The Bottom Line: CDC received 1,925 reported cases of malaria with an onset of symptoms in 2011 among persons in the United States, including 1,920 cases classified as imported, one laboratory-acquired case, one transfusion-related case, two congenital cases, and one cryptic case. The total number of cases represents an increase of 14% from the 1,691 cases reported for 2010 and the largest number of reported cases since 1971.
Cullen, K., & Arguin, P. (n.d.). Malaria surveillance–United States, 2011. Morbidity and Mortality Weekly Report. MMWR., 62(5), 1-17.
Transfusion Transmitted Infection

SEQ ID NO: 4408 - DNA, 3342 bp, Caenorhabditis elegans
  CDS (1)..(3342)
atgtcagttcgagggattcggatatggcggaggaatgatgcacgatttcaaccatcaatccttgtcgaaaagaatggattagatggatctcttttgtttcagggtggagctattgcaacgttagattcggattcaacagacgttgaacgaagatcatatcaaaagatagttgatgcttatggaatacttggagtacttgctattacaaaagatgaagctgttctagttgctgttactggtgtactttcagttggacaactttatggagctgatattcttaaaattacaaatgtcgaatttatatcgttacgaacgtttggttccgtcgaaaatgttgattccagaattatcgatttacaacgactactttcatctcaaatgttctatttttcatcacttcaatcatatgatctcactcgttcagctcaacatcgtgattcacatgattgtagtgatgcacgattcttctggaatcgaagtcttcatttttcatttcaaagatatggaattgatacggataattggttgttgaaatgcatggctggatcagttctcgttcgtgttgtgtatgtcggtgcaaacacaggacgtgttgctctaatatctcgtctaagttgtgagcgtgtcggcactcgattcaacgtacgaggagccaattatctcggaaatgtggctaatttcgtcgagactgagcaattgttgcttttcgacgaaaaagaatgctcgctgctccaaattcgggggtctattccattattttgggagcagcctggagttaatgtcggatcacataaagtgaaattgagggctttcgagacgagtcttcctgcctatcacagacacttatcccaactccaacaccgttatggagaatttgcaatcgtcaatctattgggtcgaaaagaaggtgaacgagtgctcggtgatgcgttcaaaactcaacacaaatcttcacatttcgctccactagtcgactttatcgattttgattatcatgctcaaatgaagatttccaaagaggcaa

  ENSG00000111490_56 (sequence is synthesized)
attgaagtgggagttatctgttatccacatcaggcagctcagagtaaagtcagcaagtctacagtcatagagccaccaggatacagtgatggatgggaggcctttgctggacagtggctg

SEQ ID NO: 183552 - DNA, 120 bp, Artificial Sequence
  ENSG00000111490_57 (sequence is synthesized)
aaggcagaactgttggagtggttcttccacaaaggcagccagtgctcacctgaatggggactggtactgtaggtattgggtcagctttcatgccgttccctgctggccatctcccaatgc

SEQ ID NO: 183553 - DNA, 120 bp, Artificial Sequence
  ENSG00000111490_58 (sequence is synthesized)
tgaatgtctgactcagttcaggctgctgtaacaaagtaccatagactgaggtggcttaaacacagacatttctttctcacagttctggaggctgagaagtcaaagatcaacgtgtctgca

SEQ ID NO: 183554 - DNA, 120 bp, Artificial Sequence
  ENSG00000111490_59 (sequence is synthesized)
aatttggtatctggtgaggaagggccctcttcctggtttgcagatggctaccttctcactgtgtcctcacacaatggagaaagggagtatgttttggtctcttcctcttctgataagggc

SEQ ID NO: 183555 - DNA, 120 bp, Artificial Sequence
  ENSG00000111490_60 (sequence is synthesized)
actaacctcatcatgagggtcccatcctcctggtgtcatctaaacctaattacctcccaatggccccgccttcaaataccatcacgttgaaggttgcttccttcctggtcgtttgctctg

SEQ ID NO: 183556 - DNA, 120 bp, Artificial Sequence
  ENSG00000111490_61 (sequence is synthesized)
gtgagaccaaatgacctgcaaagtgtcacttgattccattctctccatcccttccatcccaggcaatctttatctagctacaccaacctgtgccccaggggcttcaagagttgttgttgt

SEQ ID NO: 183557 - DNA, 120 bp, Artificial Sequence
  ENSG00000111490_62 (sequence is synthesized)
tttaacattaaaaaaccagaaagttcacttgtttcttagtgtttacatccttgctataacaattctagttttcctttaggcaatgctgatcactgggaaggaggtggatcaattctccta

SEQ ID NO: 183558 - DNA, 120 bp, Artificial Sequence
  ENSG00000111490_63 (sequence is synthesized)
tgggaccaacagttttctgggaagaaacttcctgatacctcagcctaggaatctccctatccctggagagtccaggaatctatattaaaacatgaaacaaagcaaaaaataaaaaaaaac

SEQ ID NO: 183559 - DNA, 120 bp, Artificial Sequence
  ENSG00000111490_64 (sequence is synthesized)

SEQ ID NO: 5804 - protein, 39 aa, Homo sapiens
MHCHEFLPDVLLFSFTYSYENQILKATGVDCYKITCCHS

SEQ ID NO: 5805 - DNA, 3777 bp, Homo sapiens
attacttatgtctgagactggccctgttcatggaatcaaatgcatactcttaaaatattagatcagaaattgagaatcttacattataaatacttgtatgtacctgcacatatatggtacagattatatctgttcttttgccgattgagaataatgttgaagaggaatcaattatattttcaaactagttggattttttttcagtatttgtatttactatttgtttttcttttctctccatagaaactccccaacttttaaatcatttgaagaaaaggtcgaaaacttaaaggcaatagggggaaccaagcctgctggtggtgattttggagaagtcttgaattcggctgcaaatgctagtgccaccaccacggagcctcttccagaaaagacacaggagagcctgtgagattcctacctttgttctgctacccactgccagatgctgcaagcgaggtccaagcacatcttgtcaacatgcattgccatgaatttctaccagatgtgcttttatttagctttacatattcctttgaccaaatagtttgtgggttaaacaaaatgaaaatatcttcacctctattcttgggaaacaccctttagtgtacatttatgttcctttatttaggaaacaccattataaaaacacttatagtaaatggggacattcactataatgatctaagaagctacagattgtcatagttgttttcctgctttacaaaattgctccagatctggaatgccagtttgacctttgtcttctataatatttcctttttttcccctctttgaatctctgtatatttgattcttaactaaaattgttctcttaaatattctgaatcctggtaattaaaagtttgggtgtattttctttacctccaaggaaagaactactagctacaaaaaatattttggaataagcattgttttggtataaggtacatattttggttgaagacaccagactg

Case. In April, a man aged 76 years who was a veteran was admitted to a military hospital for presumed urosepsis. He had a 1-day history of fevers and, although he had been admitted several times during the previous 6 months for other conditions, had not complained of any symptoms consistent with acute malaria. A hematologist identified malaria parasites incidentally while performing a manual differential of a complete blood count, and the species was subsequently confirmed by PCR to be P. malariae. The patient was treated with an oral antimalarial regimen and recovered fully. The patient’s travel history included a 1- year tour of duty in Vietnam and a short stay in Brazil, both in the early 1970s. The patient had no recent travel to malaria-endemic regions. The patient had been treated for anemia of chronic disease for several years and since December 2010 had been transfused with eight units of red blood cells. The blood bank was contacted and a trace-back investigation was initiated using banked serum samples from the eight donors. One of the donor serum samples had elevated titers against P. malariae and P. falciparum, indicating a previous infectious exposure at an indeterminate time. The implicated donor was contacted and his travel history and malaria exposure was ascertained. The donor lived in Liberia for the first five years of life (1990-1995) with no other travel history.